The Federal Trade Commission is seeking public comments on proposed amendments to the Appliance Labeling Rule that would require a “Lighting Facts” label on additional types of light bulbs to help consumers select the most efficient bulbs to meet their lighting needs, and a specific test procedure for light-emitting diode (LED) bulbs.
Under direction from Congress to examine the effectiveness of light bulb labels, the FTC introduced a new “Lighting Facts” label in July 2010 for medium screw-base light bulbs. The new labels will help consumers choose among incandescent bulbs and high-efficiency compact fluorescent (CFL) and LED bulbs as new energy standards imposed by Congress begin to phase out traditional incandescent bulbs from the market. The new label, which will appear on these bulb packages beginning next year, provides information on brightness, annual energy cost, life, color appearance, and energy use.
The Commission is now seeking comments on whether to expand the label’s coverage to additional bulb types and to require a specific test procedure for LED bulbs. Specifically, the agency proposes to require the labels on all screw-base bulbs, including smaller base candelabra bulbs, and certain pin-base bulbs. Manufacturers would have at least two and a half years to begin using the new labels for these additional bulb types. The FTC also proposes requiring a specific test procedure, LM-79, for measuring LED light output and color characteristics to help ensure consistent label content.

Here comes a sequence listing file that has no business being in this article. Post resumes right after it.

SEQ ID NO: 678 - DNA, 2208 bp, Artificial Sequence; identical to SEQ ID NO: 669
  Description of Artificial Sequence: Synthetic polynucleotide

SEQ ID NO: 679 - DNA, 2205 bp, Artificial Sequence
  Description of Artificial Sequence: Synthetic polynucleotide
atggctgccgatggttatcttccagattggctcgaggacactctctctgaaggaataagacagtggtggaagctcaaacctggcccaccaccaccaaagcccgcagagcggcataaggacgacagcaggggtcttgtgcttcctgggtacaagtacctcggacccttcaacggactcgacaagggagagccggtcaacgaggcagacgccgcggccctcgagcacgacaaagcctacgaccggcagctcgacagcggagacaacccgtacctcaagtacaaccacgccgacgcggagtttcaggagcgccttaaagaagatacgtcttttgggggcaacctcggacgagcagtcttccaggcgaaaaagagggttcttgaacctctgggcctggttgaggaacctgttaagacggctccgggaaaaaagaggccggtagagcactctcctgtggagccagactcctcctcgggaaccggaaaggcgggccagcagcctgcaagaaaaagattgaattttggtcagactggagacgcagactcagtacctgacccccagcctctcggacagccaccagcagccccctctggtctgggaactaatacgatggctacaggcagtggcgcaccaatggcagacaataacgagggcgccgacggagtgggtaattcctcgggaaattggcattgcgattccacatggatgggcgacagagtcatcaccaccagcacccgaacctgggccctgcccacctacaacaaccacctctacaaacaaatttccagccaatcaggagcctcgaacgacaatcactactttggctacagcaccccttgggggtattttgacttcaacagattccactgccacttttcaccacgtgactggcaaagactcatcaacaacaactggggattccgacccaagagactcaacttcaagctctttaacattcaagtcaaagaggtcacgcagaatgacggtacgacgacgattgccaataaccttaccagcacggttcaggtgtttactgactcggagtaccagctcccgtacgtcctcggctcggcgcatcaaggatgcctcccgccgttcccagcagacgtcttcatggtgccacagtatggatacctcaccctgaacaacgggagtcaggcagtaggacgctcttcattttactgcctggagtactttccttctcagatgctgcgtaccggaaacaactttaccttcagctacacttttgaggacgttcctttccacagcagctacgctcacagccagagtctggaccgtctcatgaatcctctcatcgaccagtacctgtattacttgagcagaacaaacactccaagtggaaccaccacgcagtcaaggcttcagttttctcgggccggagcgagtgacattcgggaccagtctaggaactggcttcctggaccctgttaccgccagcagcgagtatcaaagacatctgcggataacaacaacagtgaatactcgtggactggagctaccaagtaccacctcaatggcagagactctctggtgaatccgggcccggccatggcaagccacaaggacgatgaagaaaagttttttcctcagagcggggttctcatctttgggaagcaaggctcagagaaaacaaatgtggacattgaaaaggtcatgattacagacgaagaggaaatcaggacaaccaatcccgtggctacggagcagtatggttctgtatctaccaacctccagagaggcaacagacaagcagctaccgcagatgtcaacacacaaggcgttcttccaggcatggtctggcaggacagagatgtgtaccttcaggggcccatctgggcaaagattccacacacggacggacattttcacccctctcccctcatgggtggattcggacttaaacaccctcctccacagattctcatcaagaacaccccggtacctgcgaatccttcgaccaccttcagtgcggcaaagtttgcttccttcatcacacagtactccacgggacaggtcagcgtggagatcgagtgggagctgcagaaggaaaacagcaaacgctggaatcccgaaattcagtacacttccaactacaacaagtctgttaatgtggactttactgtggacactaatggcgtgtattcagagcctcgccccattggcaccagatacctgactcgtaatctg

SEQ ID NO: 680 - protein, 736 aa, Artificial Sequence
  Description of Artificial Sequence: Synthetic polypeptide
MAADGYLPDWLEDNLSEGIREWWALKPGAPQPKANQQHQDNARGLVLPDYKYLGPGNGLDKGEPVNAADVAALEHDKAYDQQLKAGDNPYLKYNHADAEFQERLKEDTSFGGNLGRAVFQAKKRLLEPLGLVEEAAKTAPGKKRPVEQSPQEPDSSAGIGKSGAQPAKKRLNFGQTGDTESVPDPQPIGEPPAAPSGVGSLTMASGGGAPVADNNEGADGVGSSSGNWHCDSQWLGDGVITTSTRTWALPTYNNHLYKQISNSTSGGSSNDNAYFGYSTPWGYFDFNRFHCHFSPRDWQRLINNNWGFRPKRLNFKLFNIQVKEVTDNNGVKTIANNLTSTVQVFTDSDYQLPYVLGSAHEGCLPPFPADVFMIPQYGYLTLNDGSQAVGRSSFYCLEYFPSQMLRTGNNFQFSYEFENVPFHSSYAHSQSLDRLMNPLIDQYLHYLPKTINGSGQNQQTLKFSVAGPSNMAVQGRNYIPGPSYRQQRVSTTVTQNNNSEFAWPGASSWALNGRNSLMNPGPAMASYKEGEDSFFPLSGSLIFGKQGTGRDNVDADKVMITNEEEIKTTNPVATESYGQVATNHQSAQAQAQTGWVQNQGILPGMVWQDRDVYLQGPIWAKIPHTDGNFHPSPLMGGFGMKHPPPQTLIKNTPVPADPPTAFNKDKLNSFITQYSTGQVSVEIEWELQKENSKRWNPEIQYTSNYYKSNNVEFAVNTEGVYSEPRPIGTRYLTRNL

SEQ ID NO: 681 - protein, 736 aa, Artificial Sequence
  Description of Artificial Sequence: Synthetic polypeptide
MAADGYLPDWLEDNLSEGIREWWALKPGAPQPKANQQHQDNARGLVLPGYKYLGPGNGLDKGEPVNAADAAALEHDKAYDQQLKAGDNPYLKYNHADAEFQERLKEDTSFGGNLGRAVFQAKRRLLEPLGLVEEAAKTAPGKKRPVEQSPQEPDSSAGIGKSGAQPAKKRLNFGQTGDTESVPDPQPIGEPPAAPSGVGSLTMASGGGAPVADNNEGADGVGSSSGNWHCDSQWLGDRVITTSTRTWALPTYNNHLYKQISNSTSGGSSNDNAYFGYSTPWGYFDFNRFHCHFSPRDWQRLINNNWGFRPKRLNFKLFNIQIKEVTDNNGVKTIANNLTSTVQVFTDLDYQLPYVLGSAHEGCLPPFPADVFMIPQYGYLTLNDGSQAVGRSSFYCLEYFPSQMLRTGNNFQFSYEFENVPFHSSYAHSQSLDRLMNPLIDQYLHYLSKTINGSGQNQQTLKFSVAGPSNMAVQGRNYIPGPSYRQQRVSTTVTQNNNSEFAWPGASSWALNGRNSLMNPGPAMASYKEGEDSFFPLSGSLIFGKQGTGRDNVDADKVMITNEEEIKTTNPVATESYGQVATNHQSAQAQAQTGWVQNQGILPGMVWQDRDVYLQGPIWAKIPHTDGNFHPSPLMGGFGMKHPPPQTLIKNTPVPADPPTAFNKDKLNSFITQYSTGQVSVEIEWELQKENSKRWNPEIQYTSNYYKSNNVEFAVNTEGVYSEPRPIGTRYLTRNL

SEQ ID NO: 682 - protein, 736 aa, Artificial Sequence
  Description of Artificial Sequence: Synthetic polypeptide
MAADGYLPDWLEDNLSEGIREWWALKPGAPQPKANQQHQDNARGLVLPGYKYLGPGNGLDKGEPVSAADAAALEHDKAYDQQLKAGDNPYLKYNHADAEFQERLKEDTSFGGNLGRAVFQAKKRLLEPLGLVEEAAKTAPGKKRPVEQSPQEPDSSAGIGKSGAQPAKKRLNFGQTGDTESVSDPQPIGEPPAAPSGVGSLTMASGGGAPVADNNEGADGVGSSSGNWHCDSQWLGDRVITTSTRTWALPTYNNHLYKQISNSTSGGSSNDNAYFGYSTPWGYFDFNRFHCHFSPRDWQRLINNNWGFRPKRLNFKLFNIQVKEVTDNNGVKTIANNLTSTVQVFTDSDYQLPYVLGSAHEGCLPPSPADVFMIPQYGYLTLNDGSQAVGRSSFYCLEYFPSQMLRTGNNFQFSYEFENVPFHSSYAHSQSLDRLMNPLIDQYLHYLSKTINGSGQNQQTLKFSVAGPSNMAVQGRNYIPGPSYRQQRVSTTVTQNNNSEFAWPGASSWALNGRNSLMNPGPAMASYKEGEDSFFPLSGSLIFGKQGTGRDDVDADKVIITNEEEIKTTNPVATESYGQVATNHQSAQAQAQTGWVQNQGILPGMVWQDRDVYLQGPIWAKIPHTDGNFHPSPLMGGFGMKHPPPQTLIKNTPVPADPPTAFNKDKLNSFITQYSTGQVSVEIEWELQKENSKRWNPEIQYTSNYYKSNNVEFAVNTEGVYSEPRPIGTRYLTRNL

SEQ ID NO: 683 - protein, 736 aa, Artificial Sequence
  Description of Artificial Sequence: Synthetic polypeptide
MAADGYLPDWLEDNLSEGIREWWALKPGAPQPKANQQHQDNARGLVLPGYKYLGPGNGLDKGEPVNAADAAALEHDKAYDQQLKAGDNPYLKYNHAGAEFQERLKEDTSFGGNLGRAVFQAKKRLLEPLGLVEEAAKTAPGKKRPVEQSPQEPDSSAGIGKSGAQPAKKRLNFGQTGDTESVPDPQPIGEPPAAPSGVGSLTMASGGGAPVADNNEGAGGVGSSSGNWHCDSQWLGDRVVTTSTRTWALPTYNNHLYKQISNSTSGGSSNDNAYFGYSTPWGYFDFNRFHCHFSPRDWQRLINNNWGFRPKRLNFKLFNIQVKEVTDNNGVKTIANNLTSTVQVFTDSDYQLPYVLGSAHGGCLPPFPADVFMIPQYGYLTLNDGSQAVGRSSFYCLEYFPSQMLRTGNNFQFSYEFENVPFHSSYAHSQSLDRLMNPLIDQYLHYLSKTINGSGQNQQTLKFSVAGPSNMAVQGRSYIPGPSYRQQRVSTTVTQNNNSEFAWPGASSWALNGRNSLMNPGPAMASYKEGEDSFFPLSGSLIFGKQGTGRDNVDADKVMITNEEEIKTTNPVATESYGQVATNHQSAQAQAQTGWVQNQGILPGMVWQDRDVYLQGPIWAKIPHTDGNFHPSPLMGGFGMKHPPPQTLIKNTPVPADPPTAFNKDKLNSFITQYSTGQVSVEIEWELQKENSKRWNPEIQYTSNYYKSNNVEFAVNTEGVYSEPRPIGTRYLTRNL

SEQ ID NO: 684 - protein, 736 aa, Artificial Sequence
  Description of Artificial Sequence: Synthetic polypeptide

For more information about the Lighting Facts Label, watch the FTC’s light bulb video or visit FTC.gov/lightbulbs. The FTC also offers Shopping for light bulbs? Learning about lumens is a bright idea and Labeling Your Light Bulbs with“Lighting Facts”: Questions
and Answers for Manufacturers.
The Commission vote approving the Notice of Proposed Rulemaking was 5-0. It is available on the FTC’s website and as a link to this press release and will be published in the Federal Register soon. Instructions for filing comments appear in the Federal Register Notice. Comments must be received by September 22, 2011. All comments received will be posted at www.ftc.gov/os/publiccomments.shtm. (FTC File No. P084206; the staff contact is Hampton Newsome, Bureau of Consumer Protection, 202-326-2889)
The Federal Trade Commission works for consumers to prevent fraudulent, deceptive, and unfair business practices and to provide information to help spot, stop, and avoid them. To file a complaint in English or Spanish, visit the FTC’s online Complaint Assistant or call
1-877-FTC-HELP (1-877-382-4357). The FTC enters complaints into Consumer Sentinel, a secure, online database available to more than 2,000 civil and criminal law enforcement agencies in the U.S. and abroad. The FTC’s website provides free information on a variety of consumer topics. Like the FTC on Facebook and follow us on Twitter.
(Light Bulbs NPR)